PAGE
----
Millions of people across Britain will today go to the polls in the most tightly-contested General Election in a generation.
A string of eve-of-election opinion polls gave David Cameron’s Conservatives a clear lead over Labour and the Liberal Democrats, but suggested that the Tories will not reach the level of support they need to claim an overall majority in the House of Commons.
With around 50,000 polling stations opening at 7am today, there was more uncertainty about who would eventually emerge as Prime Minister than in any election since 1992 and a real expectation of a hung Parliament for the first time since 1974.
On Wednesday night David Cameron urged the public not to allow fear to “triumph over hope” as he sought an outright victory with a final appeal to millions of undecided voters.
The Tory leader completed a gruelling 36-hour campaigning drive across the country with a pledge that he could make Britain better.
In a final rally in Bristol he told supporters: “In this election, don’t let fear triumph over hope. A Conservative government can get our economy moving again, can tackle our social problems, can make politics accountable.”
Meanwhile Gordon Brown returned to Scotland, where he rounded off his campaign at a rally in Dumfries with a plea to wavering voters: “At this moment of risk to our economy, at this moment of decision for our country, I ask you to come home to Labour.”
And Liberal Democrat leader Nick Clegg addressed a crowd of hundreds of people on the steps of Sheffield City Hall, with an appeal for voters to “aim higher, don’t settle for second best”.
The final newspaper polls of the campaign all put the Conservatives in the lead with support ranging between 35 per cent and 37 per cent.
The other two parties were vying for second place, with Labour apparently edging slightly ahead on 28 per cent-29 per cent and the Liberal Democrats on 26-28 per cent.
On an even swing, the figures would make the Tories the largest party, with between 268 and 294 seats in the House of Commons, but leave them well short of the 326 MPs Mr Cameron needs to lead a majority administration.
The polls suggest Labour could emerge with around 248-274 MPs, with the Liberal Democrats holding the balance of power on 77-82 seats.
The most up-to-date Guardian/ICM poll shows the Conservatives with an eight-point lead over Labour, just short of what they need for an overall majority.
The survey put the Conservatives on 36 per cent, Labour on 28 per cent and the Liberal Democrats on 26 per cent.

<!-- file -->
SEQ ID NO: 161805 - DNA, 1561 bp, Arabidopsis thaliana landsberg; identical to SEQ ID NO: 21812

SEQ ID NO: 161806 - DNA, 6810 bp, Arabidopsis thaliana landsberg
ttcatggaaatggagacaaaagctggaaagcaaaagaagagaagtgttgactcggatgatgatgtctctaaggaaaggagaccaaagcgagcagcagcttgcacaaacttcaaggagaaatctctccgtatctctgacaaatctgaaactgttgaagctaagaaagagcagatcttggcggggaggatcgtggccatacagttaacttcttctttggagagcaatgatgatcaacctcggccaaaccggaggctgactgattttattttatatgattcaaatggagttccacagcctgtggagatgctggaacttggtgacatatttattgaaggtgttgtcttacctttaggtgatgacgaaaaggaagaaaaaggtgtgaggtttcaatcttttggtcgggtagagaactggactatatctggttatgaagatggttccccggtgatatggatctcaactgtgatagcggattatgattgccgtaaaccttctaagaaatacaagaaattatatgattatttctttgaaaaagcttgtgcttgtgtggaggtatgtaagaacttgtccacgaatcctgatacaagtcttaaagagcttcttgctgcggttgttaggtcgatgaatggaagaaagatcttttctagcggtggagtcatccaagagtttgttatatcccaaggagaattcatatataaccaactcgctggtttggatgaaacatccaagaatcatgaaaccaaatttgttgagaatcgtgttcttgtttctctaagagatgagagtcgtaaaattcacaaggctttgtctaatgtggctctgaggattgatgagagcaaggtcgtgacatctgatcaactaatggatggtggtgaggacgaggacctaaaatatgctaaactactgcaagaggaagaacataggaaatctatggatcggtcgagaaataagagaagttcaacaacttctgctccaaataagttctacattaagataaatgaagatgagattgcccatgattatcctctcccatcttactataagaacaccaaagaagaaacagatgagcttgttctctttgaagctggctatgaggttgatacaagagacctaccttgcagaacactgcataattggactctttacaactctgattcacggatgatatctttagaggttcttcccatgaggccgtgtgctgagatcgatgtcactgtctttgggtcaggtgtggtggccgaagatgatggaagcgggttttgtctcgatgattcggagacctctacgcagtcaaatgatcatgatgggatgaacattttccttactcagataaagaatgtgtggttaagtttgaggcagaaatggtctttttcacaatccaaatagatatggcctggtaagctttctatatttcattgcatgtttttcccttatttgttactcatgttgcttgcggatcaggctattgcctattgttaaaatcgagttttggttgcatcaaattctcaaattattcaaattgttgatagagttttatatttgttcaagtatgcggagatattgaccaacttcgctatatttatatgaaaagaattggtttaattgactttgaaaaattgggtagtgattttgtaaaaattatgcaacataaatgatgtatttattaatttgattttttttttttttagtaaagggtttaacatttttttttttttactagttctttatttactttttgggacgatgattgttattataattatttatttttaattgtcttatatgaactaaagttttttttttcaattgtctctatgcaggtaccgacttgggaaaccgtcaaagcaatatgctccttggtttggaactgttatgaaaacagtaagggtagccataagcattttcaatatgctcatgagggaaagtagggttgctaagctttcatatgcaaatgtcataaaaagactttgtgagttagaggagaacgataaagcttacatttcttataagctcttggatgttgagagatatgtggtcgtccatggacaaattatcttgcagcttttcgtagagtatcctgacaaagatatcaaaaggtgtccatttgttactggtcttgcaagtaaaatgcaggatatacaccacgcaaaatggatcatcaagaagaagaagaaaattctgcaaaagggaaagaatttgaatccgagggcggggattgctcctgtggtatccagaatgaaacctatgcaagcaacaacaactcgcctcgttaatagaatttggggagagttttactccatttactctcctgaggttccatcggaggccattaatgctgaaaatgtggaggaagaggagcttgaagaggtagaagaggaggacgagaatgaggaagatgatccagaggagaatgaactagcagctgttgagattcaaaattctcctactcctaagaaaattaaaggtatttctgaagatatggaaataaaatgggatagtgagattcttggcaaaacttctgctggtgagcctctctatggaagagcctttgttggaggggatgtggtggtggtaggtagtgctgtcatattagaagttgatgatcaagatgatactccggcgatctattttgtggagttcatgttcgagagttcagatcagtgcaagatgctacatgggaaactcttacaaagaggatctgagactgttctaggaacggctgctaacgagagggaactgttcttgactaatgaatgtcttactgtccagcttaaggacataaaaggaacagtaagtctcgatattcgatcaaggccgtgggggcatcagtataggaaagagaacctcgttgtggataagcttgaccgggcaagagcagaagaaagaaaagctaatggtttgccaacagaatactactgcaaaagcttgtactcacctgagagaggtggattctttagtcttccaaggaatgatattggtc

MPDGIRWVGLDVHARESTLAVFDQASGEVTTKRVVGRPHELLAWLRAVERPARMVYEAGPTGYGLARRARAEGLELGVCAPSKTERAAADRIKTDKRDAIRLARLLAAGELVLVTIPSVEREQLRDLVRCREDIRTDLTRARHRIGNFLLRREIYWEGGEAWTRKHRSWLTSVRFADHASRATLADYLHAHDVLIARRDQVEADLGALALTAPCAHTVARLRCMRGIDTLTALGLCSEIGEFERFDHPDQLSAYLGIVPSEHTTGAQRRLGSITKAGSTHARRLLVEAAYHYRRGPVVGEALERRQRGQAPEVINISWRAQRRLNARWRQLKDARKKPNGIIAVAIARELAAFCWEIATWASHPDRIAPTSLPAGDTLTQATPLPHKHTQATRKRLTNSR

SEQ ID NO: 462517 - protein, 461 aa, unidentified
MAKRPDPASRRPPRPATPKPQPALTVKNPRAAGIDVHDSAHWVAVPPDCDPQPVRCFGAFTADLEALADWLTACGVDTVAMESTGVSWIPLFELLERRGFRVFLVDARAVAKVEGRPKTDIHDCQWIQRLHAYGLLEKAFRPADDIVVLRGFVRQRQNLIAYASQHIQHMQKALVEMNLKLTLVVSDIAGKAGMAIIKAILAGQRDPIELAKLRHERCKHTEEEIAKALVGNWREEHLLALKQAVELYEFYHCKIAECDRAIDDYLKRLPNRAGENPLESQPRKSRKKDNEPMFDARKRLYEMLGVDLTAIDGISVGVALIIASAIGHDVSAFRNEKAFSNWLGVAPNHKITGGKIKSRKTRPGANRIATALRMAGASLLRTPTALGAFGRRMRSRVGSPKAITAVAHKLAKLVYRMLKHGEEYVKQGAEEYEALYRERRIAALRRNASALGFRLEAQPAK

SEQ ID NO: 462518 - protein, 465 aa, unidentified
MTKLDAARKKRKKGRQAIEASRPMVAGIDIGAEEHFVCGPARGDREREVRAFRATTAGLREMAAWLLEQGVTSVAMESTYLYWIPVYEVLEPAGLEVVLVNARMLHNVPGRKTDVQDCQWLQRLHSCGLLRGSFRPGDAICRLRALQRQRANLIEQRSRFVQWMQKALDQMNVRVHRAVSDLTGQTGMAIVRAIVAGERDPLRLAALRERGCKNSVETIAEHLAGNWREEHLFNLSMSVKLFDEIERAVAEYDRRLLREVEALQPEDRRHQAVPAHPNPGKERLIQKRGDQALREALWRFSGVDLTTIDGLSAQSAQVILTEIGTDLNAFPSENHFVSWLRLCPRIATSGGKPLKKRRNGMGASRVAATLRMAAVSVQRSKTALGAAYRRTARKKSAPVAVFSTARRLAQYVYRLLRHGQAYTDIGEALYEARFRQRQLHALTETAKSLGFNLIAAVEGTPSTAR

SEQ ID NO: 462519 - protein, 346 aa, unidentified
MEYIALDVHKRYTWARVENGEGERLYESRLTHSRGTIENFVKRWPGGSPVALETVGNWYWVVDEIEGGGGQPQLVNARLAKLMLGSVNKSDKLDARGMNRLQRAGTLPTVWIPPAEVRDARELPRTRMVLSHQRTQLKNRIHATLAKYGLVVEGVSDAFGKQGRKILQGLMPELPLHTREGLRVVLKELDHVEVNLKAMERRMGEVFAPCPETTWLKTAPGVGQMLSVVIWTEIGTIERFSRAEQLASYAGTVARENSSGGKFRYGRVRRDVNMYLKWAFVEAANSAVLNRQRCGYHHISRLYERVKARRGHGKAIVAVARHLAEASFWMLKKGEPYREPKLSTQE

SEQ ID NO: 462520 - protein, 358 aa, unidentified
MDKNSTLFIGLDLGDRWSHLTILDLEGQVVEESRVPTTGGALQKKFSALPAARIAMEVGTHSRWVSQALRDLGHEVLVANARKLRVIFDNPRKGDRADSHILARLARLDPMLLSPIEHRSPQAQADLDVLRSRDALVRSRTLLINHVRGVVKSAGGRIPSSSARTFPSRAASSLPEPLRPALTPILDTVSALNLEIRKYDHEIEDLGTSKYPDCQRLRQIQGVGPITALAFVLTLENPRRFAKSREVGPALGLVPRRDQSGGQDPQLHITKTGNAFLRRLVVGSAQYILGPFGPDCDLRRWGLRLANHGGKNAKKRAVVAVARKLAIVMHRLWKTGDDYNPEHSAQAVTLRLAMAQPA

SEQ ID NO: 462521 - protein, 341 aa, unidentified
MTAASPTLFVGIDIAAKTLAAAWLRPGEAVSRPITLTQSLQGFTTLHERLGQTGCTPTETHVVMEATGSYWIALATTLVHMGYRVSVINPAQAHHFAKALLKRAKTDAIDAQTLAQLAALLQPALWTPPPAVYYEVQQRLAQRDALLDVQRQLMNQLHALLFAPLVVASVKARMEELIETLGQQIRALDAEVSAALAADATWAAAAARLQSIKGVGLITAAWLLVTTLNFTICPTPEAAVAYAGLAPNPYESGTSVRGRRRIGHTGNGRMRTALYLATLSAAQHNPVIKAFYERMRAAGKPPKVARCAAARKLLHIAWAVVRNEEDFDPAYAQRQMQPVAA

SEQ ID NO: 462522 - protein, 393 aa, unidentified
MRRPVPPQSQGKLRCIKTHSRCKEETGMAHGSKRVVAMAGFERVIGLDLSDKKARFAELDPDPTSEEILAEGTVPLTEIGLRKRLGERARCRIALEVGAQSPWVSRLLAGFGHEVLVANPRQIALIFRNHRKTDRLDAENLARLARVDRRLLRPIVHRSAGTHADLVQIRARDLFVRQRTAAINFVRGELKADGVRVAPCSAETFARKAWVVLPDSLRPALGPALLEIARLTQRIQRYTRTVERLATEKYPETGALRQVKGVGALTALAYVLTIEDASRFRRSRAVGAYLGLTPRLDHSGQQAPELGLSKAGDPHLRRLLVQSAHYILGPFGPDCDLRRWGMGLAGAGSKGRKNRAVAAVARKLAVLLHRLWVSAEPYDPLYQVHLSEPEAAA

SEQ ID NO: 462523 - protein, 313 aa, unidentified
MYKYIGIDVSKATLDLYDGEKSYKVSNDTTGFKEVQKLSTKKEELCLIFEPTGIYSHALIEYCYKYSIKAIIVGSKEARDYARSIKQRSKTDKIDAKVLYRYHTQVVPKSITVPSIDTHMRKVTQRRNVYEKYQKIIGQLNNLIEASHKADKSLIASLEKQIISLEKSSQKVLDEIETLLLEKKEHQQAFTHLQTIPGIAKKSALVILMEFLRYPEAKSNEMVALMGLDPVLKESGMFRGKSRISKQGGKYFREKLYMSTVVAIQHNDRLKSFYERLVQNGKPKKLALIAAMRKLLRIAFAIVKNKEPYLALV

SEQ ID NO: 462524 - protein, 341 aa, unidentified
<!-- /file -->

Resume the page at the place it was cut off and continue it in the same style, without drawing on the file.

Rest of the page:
But much will depend on performance in individual constituencies, particularly the 100 or so Labour/Conservative marginals which hold the key to tonight’s result and where the fiercest battles have been fought.
Strategists believe that an unusually large number of voters will only make their minds up when they get into the polling booths, adding an additional layer of uncertainty to the result.
If the Lib Dems suffer from a classic last-minute “third party squeeze”, with voters gravitating to the two larger parties, it could even have the effect of handing the balance of power to the Welsh and Scottish nationalists or the Northern Irish parties.
The Democratic Unionist Party last night claimed they were being courted by Mr Brown ahead of a possible hung Parliament, releasing a letter in which the Labour leader promised to maintain the size of the block grant from Westminster to Northern Ireland if he remains in 10 Downing Street.
The national newspapers did their bit to boost the chances of their preferred candidates.
The Sun hailed Mr Cameron as “Our Only Hope” in a front-page echoing the famous campaign posters of Barack Obama, while the Daily Mirror painted a less flattering picture, asking “Prime Minister? Really?” alongside a picture of the Tory leader and a CV featuring his Eton education and support for foxhunting and listing his real-life experience as “None”.
Mr Cameron and wife Samantha will cast their votes early today in his constituency of Witney in Oxfordshire, while Mr Brown and Sarah will go to the polling station in Kirkcaldy and Cowdenbeath.
Mr Clegg will be accompanied by wife Miriam Gonzalez Durantez to the polls in Sheffield Hallam, but she will not be able to vote for her husband as she is a Spanish citizen.
As well as the 650 MPs of the new Parliament, voters are also electing councillors in 166 local authorities across England – including London boroughs – and mayors in Hackney, Lewisham, Newham and Watford.
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